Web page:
Lord Herschell attended an eisteddfod at Aberavon on Easter Monday, and in an address spoke of the practical benefits arising from such competitions, and said that although he did not understand the language used that day he had thoroughly enjoyed the beautiful singing.
Notes and Queries.
[CONFINED TO MATTERS RELATING TO WALES AND THE BORDER COUNTIES.]
A STORY OF GENERAL JOHN CADWALLADER.-Your New York contributor "Ap P. A. Môn" gives in his list of gallant Welshmen who took part in the American War of Independence (xi.-312) General John Cadwallader, of whom your readers may like to be told the following story. The general fought a duel near Philadelphia, on the 22nd of February, 1778, with General Thomas Conway, who received his antagonist's bullet in the mouth, and fell forward on his face. He then raised himself and addressed Cadwallader, humorously, as follows:-" You fire with much deliberation, General, and certainly with a great deal of effect." It is a noteworthy fact that Cadwallader challenged Conway-a bristling young Irish-American-for his persistent calumniations of General Washington, and that the hostile meeting between these two distinguished general officers of the Revolutionary Army occurred upon the birthday of the illustrious object of their dispute. Conway, as soon as he was able to sit up after his wound (and from which he recovered), wrote to his commander-in-chief a letter, in which he expressed great grief for all he had said or written, and asked Washington's forgiveness for any and all of his offensive acts. The story reads almost like a modern version of the Fluellen and Pistol one of old.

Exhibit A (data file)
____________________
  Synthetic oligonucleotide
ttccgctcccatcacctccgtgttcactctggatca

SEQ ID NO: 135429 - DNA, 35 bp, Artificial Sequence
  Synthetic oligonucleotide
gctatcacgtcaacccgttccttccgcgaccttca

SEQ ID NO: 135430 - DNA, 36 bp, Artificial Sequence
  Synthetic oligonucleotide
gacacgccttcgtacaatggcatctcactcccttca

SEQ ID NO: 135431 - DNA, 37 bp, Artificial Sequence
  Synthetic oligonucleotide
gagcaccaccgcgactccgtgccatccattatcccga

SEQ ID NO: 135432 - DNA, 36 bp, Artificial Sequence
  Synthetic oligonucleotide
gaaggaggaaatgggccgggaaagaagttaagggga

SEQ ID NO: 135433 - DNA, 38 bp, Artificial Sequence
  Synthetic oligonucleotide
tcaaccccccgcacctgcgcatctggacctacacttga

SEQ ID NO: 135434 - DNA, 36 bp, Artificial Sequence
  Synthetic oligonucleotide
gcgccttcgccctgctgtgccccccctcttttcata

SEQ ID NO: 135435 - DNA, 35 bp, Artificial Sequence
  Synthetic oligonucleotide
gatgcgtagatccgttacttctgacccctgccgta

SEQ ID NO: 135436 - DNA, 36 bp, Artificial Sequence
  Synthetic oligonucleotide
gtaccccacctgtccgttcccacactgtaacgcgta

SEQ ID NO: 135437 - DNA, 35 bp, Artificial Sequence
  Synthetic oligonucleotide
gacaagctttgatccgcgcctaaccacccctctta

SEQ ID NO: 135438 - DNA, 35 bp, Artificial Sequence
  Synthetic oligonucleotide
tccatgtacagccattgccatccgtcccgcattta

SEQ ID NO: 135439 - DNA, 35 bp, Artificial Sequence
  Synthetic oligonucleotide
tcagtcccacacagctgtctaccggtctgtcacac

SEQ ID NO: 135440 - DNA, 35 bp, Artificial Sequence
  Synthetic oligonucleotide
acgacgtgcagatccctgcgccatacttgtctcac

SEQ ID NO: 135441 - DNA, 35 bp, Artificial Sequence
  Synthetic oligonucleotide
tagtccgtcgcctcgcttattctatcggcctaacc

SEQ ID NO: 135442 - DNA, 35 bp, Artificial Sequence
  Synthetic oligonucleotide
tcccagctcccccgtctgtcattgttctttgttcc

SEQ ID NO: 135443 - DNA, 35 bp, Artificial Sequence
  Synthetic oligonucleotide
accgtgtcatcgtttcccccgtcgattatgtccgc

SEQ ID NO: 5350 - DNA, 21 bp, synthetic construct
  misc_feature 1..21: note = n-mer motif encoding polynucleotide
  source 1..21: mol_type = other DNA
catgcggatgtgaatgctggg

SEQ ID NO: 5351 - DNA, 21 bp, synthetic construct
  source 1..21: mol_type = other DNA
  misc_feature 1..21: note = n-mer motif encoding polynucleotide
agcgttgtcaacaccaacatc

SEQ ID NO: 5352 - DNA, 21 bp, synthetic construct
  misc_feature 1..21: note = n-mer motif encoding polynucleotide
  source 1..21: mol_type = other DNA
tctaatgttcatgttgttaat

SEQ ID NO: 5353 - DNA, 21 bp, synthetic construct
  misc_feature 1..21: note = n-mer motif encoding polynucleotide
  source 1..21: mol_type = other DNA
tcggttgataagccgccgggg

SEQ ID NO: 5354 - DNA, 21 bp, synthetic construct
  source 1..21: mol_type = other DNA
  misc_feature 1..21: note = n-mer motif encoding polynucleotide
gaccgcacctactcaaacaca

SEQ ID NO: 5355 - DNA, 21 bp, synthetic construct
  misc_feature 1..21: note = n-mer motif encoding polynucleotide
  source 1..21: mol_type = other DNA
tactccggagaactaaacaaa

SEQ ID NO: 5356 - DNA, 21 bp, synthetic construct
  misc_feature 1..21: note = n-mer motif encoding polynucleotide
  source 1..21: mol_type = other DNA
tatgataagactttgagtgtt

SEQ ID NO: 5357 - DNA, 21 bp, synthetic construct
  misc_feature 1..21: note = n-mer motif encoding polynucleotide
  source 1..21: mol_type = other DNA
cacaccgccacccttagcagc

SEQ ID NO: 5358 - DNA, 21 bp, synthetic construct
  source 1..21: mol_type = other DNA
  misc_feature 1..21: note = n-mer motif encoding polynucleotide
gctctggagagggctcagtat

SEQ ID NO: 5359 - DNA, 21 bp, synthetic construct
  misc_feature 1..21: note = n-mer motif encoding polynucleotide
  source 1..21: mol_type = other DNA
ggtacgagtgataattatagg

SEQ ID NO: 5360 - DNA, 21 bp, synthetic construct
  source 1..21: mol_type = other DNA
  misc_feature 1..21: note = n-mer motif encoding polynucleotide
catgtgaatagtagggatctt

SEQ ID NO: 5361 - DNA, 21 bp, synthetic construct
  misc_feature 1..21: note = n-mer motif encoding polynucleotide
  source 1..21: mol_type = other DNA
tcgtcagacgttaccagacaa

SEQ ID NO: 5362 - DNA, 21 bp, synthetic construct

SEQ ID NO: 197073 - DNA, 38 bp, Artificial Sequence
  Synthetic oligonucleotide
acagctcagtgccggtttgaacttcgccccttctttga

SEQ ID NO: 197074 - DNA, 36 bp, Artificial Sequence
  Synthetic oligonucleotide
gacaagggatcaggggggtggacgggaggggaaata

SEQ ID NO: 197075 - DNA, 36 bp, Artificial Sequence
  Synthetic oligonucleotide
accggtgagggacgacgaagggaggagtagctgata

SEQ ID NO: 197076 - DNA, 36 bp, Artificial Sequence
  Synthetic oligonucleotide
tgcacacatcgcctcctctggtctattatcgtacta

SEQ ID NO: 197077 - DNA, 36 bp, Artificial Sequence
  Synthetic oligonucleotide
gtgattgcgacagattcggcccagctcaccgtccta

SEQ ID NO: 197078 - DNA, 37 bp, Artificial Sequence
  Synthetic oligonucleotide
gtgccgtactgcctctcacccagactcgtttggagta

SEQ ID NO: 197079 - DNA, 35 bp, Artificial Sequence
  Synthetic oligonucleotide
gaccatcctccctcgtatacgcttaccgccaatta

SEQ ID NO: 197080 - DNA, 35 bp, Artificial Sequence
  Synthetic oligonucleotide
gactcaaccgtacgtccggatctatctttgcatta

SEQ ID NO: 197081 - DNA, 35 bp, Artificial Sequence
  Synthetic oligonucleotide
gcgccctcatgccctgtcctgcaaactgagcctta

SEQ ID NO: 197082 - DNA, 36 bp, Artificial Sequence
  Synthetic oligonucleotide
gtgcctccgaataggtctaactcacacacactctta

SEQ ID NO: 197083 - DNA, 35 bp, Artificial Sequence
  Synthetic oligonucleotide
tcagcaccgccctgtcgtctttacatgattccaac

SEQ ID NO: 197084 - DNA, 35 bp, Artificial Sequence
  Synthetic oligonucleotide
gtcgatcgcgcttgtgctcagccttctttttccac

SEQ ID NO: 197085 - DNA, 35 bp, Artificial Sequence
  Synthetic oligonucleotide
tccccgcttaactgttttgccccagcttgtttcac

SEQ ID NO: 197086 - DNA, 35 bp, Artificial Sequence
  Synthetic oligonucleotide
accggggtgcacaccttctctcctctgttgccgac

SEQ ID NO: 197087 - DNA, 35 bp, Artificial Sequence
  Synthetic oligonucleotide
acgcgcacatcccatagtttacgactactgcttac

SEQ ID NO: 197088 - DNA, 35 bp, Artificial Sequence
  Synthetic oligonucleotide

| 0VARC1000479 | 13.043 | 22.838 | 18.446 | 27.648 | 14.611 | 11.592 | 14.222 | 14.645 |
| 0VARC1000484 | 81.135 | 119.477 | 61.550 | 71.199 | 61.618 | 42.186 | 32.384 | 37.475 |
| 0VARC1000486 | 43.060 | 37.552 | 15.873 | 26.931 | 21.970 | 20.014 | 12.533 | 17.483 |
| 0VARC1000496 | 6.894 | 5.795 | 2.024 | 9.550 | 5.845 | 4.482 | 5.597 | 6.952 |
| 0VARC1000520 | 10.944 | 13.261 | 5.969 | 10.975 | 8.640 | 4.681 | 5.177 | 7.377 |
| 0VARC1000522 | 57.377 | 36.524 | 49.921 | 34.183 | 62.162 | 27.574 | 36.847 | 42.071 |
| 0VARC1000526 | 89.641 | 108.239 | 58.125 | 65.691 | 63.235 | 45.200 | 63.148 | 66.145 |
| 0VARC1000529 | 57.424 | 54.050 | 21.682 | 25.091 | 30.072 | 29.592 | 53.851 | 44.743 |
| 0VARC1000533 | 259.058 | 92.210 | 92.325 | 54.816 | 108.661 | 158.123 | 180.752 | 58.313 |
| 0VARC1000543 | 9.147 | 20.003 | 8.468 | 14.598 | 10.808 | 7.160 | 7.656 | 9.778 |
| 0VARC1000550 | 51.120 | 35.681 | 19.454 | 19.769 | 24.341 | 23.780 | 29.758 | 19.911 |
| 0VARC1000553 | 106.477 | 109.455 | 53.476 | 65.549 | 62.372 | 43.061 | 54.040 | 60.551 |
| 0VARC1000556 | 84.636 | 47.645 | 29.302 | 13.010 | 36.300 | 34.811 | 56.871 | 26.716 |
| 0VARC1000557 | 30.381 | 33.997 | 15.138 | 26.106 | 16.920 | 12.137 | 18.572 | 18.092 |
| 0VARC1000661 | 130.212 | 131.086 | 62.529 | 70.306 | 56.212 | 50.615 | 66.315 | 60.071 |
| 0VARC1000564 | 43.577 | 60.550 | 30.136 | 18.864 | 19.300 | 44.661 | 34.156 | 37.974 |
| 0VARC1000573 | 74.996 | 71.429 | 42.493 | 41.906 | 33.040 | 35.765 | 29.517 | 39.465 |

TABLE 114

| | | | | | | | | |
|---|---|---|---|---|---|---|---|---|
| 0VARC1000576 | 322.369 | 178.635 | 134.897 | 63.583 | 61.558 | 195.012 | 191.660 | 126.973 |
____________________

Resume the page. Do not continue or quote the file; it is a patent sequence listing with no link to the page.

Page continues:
CELTIC FLORA (Xi.—371).—The Geiriadur Cymreig of "Cynddelw" (Caernarvon, 1868) is also worthy of being consulted on this subject, on account of the number of provincial equivalents he gives